I watched the Dow Jones futures plummet by 800 points in a couple of hours as foreign markets reacted to the likelihood of a Trump victory. This is where Krugman hopped on.

    When Wall Street opened next morning the Dow opened 200 points higher that the previous day’s close. This was a futures turnaround of 1000 points in a couple of hours which was all Krugman’s prediction lasted.

    The press still go to this clown for comments on the state of the economy.

  11. Up The Workers! says:

    Damn!

    There they go again.

    Facts and the economy are nothing more than conservative conspiracies.

    They ALWAYS conspire against and gang up on Leftists, Progressives and Socialists.

  12. Texas Jack says:

    Anyone with half a brain knows that corporate capital will trend towards jurisdictions where corporates believe they’ll obtain the highest ROIC. It’s bang for buck stupid. You don’t need to be an economist. Trump’s tax reforms, plural, adding as they do to the benefits of liberated energy markets, a skilled and sensibly priced workforce, and the US’s wariness of stultifying red-tape, are going to unlock years, plural, of GDP growth.

    Apparently the president is a narcissistic f-wit with an incurable dose of impulsiveness. An oaf. The best barometer of whether to believe all this, or not, if you must, is the S&P500. It’s melting up in a run of wins that makes Winx look ready for the knackery. It is, very simply, Trump’s rally.

  13. duncanm says:

    Could it have anything to do with the fact that the USD has fallen against most major currencies (counter-intuitive for now), so corporate treasuries are taking advantage of the lower cost to shift money back to the USA?

    no. The corporate treasuries are manically moving their money back to the US because the Trump administration has cancelled the ability for corporations to defer US taxes by leaving their money o/s.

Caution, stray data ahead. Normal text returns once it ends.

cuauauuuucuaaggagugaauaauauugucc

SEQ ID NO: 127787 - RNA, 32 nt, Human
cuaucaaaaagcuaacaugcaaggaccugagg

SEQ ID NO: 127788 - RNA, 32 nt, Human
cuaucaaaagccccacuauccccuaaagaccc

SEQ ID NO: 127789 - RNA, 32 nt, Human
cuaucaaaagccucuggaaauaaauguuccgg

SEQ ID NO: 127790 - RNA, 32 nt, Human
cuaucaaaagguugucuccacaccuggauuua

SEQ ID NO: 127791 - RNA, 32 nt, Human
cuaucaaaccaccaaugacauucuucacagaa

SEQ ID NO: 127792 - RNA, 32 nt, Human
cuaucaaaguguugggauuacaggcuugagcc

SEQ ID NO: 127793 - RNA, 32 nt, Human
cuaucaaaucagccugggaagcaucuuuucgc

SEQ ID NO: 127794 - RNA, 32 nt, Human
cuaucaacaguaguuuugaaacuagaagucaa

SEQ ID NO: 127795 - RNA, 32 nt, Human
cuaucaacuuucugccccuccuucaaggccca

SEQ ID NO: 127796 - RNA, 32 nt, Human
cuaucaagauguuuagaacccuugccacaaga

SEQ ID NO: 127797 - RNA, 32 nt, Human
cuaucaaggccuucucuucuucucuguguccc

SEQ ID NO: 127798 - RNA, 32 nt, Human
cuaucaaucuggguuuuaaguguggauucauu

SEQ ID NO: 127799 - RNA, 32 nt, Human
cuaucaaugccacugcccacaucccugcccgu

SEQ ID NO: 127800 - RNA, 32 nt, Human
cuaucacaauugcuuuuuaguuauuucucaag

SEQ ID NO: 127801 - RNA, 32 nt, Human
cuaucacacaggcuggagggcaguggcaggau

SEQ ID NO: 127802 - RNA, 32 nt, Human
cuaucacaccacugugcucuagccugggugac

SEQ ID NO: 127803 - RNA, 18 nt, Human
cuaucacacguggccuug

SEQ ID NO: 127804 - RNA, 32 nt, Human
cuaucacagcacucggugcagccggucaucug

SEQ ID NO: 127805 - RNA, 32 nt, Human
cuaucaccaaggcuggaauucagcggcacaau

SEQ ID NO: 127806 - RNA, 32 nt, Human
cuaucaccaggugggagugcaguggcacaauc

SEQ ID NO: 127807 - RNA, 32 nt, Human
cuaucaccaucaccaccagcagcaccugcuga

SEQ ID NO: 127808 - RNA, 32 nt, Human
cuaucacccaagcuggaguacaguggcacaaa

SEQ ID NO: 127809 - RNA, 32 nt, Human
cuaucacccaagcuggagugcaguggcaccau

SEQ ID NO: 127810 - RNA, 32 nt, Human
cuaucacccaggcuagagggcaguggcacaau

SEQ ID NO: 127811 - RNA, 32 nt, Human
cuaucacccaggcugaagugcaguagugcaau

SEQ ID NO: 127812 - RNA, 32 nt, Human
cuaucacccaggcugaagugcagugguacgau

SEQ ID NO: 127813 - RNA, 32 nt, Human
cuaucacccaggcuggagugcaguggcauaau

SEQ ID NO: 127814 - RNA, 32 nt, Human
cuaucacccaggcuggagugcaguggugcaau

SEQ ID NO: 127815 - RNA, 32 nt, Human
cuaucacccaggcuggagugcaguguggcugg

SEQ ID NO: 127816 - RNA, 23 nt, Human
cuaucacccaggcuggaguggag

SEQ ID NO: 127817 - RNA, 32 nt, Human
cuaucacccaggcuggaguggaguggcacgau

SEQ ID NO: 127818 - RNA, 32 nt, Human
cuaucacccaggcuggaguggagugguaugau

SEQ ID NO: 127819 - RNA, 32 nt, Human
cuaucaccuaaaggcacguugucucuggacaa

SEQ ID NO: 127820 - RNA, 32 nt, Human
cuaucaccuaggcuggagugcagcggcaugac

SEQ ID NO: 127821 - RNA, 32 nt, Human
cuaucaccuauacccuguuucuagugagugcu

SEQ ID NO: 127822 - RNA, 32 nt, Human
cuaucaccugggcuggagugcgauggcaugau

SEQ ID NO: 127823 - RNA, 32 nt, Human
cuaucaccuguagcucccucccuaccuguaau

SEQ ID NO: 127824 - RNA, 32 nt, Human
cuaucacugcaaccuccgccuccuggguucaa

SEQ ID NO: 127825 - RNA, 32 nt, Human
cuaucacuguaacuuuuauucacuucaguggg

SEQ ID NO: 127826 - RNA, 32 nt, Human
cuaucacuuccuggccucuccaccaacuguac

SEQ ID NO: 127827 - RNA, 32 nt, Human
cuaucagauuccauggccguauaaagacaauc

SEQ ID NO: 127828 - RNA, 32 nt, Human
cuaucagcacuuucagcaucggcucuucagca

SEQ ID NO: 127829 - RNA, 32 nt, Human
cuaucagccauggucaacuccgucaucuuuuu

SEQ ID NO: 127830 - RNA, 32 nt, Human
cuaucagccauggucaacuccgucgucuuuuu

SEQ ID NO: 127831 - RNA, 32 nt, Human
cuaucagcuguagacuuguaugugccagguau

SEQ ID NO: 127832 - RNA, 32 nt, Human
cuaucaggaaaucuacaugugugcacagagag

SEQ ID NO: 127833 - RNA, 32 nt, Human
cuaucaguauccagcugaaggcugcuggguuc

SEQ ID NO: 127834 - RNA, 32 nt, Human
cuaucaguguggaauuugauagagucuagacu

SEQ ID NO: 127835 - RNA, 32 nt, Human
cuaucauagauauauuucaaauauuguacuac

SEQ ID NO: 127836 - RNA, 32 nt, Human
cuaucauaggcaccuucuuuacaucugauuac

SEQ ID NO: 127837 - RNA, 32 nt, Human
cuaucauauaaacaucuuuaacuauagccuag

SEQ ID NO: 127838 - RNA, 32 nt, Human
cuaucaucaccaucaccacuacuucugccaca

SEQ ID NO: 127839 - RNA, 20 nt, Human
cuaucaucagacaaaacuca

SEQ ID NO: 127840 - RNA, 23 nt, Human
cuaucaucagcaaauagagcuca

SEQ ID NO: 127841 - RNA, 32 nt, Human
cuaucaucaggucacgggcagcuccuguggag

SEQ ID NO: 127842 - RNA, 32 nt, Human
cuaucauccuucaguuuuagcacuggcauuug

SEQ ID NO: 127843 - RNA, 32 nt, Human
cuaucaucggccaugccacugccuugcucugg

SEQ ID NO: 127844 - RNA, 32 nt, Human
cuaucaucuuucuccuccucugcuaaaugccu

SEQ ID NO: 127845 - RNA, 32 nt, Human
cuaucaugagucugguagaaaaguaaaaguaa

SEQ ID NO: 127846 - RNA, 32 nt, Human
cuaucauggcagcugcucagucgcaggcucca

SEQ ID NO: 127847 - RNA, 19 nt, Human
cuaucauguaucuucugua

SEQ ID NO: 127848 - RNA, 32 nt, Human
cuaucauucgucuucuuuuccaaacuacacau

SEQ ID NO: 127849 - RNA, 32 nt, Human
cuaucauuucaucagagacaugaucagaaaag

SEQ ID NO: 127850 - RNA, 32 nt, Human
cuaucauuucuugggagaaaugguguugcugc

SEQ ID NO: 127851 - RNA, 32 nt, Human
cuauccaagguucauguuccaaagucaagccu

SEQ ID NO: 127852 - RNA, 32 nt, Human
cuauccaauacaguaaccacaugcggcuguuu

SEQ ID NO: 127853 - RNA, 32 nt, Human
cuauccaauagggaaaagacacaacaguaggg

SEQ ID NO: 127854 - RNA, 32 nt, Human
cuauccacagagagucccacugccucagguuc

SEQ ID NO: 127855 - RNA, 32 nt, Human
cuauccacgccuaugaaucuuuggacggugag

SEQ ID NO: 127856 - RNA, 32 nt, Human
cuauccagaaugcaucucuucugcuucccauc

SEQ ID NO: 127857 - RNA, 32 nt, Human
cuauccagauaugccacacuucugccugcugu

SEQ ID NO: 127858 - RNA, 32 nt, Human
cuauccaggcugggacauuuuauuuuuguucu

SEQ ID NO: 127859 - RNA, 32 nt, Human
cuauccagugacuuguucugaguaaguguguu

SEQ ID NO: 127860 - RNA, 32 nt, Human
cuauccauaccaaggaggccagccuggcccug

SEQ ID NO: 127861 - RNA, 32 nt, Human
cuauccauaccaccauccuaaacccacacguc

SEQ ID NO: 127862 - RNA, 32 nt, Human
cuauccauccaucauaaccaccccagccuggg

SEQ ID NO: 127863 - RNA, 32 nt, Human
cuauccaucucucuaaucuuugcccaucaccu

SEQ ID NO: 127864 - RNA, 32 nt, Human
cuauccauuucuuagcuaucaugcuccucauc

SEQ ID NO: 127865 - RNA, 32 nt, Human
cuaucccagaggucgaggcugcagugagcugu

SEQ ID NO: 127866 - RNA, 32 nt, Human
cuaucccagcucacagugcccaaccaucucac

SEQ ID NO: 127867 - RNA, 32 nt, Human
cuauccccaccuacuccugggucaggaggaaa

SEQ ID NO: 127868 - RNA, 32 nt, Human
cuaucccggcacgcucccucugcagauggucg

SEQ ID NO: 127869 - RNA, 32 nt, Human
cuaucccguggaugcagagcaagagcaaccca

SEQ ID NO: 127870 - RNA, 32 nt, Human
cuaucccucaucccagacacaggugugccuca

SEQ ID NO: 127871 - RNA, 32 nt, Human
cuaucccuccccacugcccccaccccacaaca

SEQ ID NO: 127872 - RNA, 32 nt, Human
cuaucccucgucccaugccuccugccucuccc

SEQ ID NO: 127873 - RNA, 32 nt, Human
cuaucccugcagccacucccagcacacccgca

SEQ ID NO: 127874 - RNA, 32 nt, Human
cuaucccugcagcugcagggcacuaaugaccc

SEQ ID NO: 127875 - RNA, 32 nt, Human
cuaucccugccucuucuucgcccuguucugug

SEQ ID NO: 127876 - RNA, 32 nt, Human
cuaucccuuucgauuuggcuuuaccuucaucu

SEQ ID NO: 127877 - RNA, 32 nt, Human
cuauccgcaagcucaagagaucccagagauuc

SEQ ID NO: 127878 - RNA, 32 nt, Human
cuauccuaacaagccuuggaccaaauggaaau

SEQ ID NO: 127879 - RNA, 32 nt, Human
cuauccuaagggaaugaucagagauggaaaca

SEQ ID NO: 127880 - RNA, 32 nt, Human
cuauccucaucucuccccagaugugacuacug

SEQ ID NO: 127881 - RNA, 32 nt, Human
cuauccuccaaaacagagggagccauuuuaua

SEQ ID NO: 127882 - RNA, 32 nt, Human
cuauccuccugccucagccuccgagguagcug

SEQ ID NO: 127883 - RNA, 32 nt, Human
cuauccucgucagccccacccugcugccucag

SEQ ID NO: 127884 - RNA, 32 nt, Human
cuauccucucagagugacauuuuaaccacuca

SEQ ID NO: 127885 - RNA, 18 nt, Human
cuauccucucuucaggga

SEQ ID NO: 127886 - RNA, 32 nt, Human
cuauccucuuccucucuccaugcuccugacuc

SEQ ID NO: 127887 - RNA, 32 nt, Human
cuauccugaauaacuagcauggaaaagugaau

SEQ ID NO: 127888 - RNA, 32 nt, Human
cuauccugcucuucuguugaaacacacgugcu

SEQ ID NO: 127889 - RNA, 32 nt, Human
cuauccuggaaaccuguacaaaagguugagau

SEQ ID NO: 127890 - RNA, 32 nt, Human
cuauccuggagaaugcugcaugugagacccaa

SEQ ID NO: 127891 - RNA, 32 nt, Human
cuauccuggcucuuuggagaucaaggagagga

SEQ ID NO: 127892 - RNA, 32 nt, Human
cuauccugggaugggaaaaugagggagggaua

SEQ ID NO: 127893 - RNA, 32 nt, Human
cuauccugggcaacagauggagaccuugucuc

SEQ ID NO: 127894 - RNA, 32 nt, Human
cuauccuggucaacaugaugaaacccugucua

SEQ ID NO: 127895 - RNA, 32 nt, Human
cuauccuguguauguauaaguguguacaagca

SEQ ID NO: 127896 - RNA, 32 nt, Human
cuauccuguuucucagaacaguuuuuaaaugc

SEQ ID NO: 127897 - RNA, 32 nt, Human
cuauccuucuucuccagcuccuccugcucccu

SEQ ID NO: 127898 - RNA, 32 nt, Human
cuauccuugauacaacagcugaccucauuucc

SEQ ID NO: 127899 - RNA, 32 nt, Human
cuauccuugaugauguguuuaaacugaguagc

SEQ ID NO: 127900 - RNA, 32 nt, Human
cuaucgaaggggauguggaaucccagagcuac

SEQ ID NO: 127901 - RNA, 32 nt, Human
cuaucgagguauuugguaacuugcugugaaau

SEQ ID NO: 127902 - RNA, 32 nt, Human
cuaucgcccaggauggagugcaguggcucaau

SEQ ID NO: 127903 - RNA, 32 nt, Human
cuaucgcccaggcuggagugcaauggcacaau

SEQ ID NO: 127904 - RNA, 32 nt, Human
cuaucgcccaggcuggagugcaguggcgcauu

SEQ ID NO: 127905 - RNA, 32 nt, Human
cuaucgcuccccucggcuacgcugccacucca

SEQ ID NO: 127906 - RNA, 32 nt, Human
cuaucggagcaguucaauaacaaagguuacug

There is an estimated $3.1 trillion stashed out of the US.

    I think (someone correct me on this), there’s a temporary holiday allow them to repatriate funds at a discount rate of 10%. Hence applies $38M tax bill as they bring $380M back into the country.

  14. duncanm says:

    sorry — Apple is $38 BILLION in tax on their $300 B overseas cash.

    crikey.

  15. duncanm says:

    https://www.nytimes.com/2018/01/17/technology/apple-tax-bill-repatriate-cash.html

    details are:
    * previously taxed at 35% fed tax rate if brought in
    * new corporate rate is 21%
    * temporary repreive: 15.5% on cash, 8% on non-liquid assets.

    * now taxed at new corporate tax rate (21%)

  16. MichelLasouris says:

    Ex ABC today…”The largest digital currency exchanges says it is going to have to repay hundreds of millions of dollars worth of virtual money after hackers broke into its network.”
    C’mon. That was inevitable. It’s not as though they weren’t told this would happen. Dumb fucking finance ‘workers’

  17. Rob MW says:

    The left are constantly rewarding themselves with things they didn’t build and spending these rewards on debauchery held as a human right. And so it went unimpeded except for the movement that has become Trump.

  18. BorisG says:

    America First: European CEOs Go One By One To Tell Trump They Are Investing Billions Back In The US

    telling Trump what he wants to hear. Do you always take them at their word?

  19. BorisG says:

    also I am assuming that some CEOs don’t care about either Trump or Davos.

  20. Kim H says:

    Bruce in WA
    #2621477, posted on January 28, 2018 at 2:13 pm

    I was discussing this with a friend who is somewhere to the left of Karl Marx. His responses were:
    Rhetorical Nonsense
    Lets get a term Trickle Down Economics defined .
    Money earned by working industrious people that has not been taxed or over taxed by Government will ( trickle ) find its way through the economy via many peoples businesses and company`s .
    The Government eventually gets its hand on the cash after it has been through ( trickled ) the economy .
    Trickle down is just a term used by ignorant economists ( elitist Government and Media leeches ) to define money going from the rich to the poor . The standard view from these people is open tap economics were Government taxes the life out of working Industrious people and then spends it like carbon dioxide sequestered into the environment , with no benefit to anyone .
    Money will always ( Trickle ) Up or Down through an Economy its only when Government gets hold of it where the tap comes in and regulates the flow ( Regulations or over Regulations )
    At the end of the day its the people that earned the money and the slower it trickles to Government the better .

Comments are closed.